Pioneering bandleader Sun Ra recorded very few small group recordings in his lifetime. Those existing albums rarely focus on standard material, which makes Some Blues But Not The Kind Thats Blue
unique in his vast discography. Taking up where the Evidence label left off in the late 1990s, Atavistic's Unheard Music Series has begun reissuing some of Ra's rarest and most intriguing sessions.
Following the 2007 reissue of the iconic albums Strange Strings (Atavistic, 1966) and The Night of the Purple Moon (Atavistic, 1970), Some Blues But Not The Kind Thats Blue unveils yet another facet of the wildly prolific innovator. Originally released in limited quantities on Ra's own El Saturn records, this 1977 studio album is augmented by a previously unavailable collective improvisation and two variations on "I'll Get By" recorded in 1973.
Among Ra's contemporaneous recordings, only Atlantis (Evidence, 1967), The Night Of The Purple Moon (Atavistic, 1970), Cymbals (Evidence, 1973), New Steps (Horo, 1978) and Other Voices, Other Blues (Horo, 1978) feature similarly stripped-down line ups, with none focusing on standards like this set.
Ra's take on standard material, as might be expected, is anything but. These slightly off kilter re- interpretations remain melodically faithful, while drifting into jaunty abstraction, unimpeded by rigid time signatures or conventional concepts of harmony and tonality.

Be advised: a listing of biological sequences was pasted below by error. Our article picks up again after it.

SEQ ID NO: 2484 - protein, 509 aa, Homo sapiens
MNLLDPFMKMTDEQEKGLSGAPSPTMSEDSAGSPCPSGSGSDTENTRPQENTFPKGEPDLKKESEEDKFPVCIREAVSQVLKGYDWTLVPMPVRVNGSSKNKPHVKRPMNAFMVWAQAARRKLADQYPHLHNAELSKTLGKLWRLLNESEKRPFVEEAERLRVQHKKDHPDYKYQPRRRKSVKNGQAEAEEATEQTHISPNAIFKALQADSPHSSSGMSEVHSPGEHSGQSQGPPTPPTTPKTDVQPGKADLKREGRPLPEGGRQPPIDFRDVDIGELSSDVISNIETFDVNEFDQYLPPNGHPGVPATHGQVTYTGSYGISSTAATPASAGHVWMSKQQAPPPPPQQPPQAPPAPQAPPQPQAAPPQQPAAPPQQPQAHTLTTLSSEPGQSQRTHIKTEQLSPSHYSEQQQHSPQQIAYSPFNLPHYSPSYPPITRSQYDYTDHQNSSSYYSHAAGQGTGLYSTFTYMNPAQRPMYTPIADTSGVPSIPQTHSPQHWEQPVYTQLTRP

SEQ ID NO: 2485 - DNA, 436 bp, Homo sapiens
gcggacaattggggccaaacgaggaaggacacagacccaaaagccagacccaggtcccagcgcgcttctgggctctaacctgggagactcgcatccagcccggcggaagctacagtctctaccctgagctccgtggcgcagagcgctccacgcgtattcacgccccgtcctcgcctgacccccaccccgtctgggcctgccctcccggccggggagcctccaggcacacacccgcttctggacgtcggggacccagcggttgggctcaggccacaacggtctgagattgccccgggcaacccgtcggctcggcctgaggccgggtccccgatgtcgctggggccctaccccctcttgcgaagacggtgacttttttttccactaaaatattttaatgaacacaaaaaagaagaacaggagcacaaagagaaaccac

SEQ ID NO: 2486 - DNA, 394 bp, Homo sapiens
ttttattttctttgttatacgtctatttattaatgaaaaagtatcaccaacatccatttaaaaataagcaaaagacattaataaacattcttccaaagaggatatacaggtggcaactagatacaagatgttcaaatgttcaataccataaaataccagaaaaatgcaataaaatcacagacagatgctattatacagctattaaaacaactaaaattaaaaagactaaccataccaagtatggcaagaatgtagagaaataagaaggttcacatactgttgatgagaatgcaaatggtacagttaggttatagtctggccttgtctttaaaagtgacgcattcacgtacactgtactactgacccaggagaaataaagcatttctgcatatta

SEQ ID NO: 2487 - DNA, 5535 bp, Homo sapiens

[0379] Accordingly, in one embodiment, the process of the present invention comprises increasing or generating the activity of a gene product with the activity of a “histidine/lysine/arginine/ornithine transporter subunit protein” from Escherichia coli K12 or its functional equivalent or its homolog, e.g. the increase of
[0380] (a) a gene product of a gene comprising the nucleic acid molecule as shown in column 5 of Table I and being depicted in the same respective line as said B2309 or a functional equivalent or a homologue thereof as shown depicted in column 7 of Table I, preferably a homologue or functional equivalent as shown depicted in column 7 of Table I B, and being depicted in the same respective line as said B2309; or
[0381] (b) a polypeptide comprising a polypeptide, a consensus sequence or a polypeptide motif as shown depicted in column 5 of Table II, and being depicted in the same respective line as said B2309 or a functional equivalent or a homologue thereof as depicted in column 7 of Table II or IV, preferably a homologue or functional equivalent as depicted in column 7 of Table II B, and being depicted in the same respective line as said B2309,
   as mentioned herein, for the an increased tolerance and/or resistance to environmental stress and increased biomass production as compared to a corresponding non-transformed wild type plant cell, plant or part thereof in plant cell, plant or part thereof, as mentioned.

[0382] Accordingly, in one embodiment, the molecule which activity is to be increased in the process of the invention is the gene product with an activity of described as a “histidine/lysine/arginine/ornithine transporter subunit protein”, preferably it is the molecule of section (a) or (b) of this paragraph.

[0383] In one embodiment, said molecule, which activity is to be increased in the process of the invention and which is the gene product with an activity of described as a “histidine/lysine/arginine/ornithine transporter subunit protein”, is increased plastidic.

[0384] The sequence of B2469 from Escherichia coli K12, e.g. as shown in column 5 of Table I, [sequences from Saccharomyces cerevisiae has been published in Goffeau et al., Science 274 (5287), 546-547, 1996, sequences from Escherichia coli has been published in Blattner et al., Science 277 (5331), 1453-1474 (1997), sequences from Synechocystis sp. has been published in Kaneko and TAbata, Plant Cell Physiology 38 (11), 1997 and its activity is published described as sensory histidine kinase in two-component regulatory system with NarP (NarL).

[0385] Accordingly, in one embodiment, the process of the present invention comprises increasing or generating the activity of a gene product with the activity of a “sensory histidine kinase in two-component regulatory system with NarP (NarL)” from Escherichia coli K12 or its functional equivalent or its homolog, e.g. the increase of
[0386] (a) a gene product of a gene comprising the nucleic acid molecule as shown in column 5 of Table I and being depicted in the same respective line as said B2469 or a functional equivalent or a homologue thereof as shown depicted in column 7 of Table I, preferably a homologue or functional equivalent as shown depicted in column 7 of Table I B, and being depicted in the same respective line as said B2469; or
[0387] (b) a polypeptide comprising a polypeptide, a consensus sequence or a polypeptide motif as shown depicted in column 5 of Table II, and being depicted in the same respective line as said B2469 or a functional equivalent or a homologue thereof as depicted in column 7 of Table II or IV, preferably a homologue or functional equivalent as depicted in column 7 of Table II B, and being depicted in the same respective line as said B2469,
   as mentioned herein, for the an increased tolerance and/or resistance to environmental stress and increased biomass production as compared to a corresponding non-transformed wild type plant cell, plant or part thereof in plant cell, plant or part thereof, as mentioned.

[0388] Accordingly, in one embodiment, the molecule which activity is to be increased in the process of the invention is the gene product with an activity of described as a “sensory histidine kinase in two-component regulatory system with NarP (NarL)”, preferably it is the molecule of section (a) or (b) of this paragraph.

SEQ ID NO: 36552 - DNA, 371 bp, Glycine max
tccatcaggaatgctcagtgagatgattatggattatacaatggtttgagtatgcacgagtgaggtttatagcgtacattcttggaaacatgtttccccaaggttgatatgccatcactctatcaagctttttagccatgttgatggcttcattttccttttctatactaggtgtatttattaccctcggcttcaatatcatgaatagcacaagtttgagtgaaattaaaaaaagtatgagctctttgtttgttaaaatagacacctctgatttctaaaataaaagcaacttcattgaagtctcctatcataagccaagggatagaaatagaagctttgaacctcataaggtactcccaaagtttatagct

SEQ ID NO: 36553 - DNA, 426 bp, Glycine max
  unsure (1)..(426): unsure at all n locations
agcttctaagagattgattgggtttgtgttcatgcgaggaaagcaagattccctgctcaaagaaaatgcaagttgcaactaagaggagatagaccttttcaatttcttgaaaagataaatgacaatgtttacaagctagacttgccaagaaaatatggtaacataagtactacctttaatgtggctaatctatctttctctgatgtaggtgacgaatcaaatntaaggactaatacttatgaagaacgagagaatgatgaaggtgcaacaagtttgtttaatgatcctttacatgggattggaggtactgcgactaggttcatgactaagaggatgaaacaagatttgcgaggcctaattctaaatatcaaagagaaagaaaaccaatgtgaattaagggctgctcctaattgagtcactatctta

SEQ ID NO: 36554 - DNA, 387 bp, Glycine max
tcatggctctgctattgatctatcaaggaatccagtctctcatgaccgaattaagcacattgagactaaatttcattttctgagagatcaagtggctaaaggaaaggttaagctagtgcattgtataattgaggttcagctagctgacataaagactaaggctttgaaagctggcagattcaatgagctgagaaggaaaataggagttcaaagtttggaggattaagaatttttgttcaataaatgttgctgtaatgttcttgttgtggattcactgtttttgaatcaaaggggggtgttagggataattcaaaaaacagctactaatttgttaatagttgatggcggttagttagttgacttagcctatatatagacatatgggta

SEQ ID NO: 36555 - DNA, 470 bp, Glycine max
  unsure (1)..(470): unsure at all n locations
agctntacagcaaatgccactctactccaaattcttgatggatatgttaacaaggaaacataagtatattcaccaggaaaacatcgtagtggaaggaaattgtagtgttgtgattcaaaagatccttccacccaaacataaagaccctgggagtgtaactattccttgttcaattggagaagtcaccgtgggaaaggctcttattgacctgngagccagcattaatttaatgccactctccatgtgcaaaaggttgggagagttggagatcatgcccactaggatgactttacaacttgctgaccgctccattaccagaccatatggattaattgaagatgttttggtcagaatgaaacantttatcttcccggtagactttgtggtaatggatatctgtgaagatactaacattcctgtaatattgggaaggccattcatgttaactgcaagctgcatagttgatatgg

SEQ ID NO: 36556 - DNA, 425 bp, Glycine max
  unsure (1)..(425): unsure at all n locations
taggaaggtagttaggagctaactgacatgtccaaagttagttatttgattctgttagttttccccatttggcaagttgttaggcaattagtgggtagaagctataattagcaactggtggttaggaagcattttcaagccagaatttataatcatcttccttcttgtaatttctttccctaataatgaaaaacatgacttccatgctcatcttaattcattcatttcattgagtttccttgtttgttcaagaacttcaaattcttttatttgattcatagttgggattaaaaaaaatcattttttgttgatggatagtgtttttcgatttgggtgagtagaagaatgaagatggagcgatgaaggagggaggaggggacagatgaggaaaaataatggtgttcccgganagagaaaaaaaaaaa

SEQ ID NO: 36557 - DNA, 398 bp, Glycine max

A haunting reading of "Nature Boy" and an expansive take on "My Favorite Things" that features a stellar solo from tenor saxophonist John Gilmore, further cement Ra's reputation as an under-sung visionary and bandleader. Gilmore's progressive tenor excursions affirm why John Coltrane looked to him for ideas on modal improvisation.
Eschewing his usual array of electronic keyboards, Ra primarily plays acoustic piano on these old chestnuts, working intricately modulated variations from their classic chord changes and harmonies. With no bassist present on the majority of the tunes, Ra's left hand plies fractured bass patterns, laying down an unconventional, but swinging pulse.
The only non-standard tunes are the opening title track and "Untitled." The titular track rides a swaggering bluesy clip over a languorous modal groove, while "Untitled" is the album's only free improvisation, featuring a gaggle of caterwauling horns and some especially turbulent tenor from John Gilmore.
Sun Ra rarely had access to exceptional recording technology, and while this session is no exception, it is typical of the time and entirely listenable. Some Blues But Not The Kind Thats Blue is a welcome rediscovery featuring a devilishly askew take on the tradition, one can only wonder what the folks from Atavistic will uncover next.
Personnel: Sun Ra: piano, organ (8-9); John Gilmore: tenor saxophone; Akh Tal Ebah: trumpet, flugelhorn (8); Marshall
Allen: alto saxophone and flute; Danny Davis: alto saxophone and flute; James Jackson: flute and bassoon; Eloe
Omoe: bass clarinet; Richard "Radu" Williams: bass (1); Ronnie Boykins: bass (8-9); Luqman Ali: drums;